African art > Mask > Gouro mask
Gouro Gye Mask (N° 18034)
Among the Gouro and Yohouré, these masks of the je , gye, reserved for men, personify the power of spirits, who would have formed an alliance with men. Women must hide when they appear. Mask combining different zoomorphic elements, including a curved growth at the top, and a gaping mouth, incised with teeth. Satin patina, polychrome highlights.
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Among the group of Mande in the south, in the center of Côte d'Ivoire, on the banks of the Bandama, the Gouro are organized in lineages, and constitute the western neighbors of the Baoulé who have borrowed several characteristics of their creations. Animists, they have been using a family of masks associated with the dy Zaouli. Indeed, like the African masks Goli des Baoulé, all Guro masks, related to the geniuses of nature, come in two zoomorphic masks followed by a third anthropomorph, who is considered the wife of the mask zamblé , the Gu. These masks are the property of families worshipping lineage ancestors, who make ritual and sacrificial use of them in order to attract divine blessings. Priest and soothsayer share the predominant ritual functions among the Guro. The secret associations worship the geniuses of nature, through the masks in which spirits are supposed to reside. Their protective spirits called zuzu were revered by statues placed on altars. The masks gu, gye and dye, in the hands of notables, are only displayed during major funerals or the induction of a chief.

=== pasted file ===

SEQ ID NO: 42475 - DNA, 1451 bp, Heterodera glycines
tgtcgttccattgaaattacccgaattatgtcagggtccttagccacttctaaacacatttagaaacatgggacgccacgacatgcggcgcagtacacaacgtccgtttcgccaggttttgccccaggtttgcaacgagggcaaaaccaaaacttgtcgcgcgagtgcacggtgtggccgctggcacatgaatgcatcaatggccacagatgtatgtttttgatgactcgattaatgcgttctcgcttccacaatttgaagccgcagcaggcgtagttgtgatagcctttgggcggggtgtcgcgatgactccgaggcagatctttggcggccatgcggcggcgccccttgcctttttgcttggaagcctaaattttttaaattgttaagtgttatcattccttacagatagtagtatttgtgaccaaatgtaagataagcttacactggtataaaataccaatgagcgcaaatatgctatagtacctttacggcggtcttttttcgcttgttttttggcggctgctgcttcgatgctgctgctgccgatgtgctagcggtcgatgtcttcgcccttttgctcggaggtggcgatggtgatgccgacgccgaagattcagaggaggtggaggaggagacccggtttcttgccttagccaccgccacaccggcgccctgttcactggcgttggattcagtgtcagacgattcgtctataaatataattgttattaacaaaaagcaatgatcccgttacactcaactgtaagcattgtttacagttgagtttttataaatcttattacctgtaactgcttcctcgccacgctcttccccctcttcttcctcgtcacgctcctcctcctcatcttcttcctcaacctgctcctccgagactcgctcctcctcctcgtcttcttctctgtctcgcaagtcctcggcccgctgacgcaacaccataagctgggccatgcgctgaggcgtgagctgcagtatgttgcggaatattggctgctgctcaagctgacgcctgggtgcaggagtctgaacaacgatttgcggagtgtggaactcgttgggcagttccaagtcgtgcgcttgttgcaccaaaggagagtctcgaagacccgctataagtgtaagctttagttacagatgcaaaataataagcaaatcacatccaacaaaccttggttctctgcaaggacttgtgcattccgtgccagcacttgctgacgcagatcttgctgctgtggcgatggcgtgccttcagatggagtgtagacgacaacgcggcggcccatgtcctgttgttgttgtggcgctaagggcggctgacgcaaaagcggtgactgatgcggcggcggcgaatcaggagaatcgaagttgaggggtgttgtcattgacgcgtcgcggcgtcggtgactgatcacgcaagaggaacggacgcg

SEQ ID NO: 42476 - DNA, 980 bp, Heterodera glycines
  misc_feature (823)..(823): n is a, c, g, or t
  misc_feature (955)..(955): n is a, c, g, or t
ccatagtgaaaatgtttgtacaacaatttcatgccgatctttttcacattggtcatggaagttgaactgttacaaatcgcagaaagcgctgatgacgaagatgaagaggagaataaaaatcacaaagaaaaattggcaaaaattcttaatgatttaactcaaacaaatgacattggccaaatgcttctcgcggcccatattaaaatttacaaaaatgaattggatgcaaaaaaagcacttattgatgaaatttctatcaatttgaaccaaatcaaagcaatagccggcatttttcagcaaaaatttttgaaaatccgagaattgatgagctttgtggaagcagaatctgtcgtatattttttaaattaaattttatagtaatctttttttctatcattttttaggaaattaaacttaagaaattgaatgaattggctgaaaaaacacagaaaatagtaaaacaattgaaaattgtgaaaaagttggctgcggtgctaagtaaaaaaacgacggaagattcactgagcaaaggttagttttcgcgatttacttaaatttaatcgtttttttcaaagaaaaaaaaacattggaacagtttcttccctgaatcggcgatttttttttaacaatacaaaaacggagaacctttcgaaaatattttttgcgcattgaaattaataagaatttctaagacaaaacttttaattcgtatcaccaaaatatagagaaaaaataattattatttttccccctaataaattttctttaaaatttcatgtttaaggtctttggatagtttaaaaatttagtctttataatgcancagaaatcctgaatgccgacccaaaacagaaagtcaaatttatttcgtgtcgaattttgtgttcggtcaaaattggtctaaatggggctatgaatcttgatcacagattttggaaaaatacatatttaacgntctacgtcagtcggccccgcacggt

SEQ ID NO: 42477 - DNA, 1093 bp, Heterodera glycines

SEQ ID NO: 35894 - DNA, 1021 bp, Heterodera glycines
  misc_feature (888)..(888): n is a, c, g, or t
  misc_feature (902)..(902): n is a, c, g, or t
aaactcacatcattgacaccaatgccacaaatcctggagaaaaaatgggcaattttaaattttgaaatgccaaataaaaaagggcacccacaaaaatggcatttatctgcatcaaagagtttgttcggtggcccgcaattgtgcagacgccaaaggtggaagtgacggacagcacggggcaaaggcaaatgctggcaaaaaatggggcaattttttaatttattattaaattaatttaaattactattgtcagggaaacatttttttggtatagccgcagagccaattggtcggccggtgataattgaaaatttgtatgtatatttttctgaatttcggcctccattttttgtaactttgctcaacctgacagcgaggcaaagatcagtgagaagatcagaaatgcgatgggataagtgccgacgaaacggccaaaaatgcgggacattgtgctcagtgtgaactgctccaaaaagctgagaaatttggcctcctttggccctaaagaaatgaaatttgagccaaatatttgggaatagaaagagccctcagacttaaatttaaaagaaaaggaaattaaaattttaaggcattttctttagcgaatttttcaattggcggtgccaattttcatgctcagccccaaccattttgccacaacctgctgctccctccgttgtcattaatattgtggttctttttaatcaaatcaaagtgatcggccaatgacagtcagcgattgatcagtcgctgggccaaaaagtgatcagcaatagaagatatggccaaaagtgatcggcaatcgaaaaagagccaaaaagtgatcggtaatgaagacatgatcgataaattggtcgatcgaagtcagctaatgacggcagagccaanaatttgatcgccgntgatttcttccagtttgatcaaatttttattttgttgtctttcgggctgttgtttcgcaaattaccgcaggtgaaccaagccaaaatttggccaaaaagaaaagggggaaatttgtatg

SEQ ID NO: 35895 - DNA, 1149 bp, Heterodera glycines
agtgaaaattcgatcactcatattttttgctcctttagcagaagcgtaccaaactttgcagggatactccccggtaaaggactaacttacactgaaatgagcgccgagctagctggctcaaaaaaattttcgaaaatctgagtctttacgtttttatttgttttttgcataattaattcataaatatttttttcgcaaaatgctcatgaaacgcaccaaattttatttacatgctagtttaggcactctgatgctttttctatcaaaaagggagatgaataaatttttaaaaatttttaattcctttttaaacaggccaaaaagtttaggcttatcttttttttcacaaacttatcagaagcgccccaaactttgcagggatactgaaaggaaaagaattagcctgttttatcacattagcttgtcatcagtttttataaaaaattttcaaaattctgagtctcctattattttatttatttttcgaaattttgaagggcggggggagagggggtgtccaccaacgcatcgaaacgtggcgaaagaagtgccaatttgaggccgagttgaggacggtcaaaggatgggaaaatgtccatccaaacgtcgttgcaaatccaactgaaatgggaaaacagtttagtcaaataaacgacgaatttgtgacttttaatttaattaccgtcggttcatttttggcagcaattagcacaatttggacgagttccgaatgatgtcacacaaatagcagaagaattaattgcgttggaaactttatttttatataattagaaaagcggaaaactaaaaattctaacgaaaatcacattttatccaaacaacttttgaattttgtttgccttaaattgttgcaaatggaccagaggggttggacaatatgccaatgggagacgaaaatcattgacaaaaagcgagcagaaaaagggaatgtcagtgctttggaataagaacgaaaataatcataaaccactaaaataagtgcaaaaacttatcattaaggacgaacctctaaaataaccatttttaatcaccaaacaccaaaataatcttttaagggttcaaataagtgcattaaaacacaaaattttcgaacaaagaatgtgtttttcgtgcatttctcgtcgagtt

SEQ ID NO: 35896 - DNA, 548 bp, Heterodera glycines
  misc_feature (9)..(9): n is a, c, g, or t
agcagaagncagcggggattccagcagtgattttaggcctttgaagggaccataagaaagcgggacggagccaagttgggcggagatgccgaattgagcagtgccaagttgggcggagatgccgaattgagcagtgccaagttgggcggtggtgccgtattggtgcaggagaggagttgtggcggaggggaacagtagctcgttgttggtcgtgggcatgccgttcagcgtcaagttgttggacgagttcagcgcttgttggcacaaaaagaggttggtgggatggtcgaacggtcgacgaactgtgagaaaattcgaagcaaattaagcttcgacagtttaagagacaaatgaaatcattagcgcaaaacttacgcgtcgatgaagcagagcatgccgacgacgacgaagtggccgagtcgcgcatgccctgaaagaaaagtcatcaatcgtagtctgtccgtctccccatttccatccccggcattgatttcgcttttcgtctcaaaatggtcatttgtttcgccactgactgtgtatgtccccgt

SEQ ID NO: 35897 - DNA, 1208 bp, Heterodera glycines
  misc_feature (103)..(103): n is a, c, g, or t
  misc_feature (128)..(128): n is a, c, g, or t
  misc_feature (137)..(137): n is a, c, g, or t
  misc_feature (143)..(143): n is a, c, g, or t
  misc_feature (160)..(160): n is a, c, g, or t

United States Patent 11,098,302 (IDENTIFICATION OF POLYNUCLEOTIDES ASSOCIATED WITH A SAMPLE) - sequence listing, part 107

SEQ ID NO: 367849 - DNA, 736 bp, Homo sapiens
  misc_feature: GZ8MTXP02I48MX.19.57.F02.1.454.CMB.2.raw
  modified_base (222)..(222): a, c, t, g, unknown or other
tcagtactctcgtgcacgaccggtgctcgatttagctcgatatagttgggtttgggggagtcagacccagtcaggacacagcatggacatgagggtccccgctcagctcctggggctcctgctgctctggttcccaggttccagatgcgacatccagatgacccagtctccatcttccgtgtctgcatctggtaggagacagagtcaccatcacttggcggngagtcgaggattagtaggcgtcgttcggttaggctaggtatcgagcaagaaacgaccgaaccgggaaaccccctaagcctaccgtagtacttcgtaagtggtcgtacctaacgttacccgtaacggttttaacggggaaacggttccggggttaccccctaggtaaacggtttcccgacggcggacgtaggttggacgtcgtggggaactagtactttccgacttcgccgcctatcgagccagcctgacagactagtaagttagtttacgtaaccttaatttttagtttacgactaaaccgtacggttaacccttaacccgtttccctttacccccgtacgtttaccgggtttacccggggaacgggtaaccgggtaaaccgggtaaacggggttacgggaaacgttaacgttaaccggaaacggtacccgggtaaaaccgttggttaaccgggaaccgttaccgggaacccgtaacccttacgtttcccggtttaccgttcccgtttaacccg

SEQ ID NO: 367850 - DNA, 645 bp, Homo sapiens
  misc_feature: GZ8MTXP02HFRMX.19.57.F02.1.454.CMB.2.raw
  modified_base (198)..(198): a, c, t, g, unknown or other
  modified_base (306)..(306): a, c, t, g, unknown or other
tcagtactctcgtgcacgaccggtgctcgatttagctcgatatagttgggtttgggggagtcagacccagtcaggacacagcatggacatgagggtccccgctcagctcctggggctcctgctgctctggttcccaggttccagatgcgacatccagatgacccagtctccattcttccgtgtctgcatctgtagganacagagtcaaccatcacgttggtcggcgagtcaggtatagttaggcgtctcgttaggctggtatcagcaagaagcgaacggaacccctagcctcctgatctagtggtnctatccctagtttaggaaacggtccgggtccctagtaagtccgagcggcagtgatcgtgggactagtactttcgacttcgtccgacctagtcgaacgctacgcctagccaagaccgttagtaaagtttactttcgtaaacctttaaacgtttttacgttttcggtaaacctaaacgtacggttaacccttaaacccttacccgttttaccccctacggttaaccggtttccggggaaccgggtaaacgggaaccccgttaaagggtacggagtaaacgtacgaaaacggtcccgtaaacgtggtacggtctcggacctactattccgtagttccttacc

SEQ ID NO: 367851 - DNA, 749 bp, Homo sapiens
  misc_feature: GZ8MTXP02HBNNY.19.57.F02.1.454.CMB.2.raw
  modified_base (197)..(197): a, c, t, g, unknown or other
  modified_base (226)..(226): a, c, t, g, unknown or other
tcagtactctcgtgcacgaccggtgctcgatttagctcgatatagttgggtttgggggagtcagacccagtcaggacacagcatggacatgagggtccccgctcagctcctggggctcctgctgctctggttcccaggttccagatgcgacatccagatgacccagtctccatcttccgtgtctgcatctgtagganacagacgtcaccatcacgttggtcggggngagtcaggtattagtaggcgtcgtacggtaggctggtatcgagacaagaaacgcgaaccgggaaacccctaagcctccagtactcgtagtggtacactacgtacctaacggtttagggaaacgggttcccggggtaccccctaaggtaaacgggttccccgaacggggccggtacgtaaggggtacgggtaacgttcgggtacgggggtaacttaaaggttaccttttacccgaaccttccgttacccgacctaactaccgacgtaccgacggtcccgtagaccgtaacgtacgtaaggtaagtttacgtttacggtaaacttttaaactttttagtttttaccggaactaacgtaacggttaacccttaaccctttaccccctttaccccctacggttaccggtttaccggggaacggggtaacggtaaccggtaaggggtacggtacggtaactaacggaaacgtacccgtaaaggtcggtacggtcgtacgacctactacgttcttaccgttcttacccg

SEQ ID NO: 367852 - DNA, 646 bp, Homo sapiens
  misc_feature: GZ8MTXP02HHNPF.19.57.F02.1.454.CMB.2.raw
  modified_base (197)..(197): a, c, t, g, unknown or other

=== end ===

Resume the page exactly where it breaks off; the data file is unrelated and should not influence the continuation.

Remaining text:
Litt.: African Art Kerchache Art from the Ivory Coast E. Fisher and L. Homberger Baule S.M. Vogel; Sculpture, masterpieces of the Barbier Mueller Museum)
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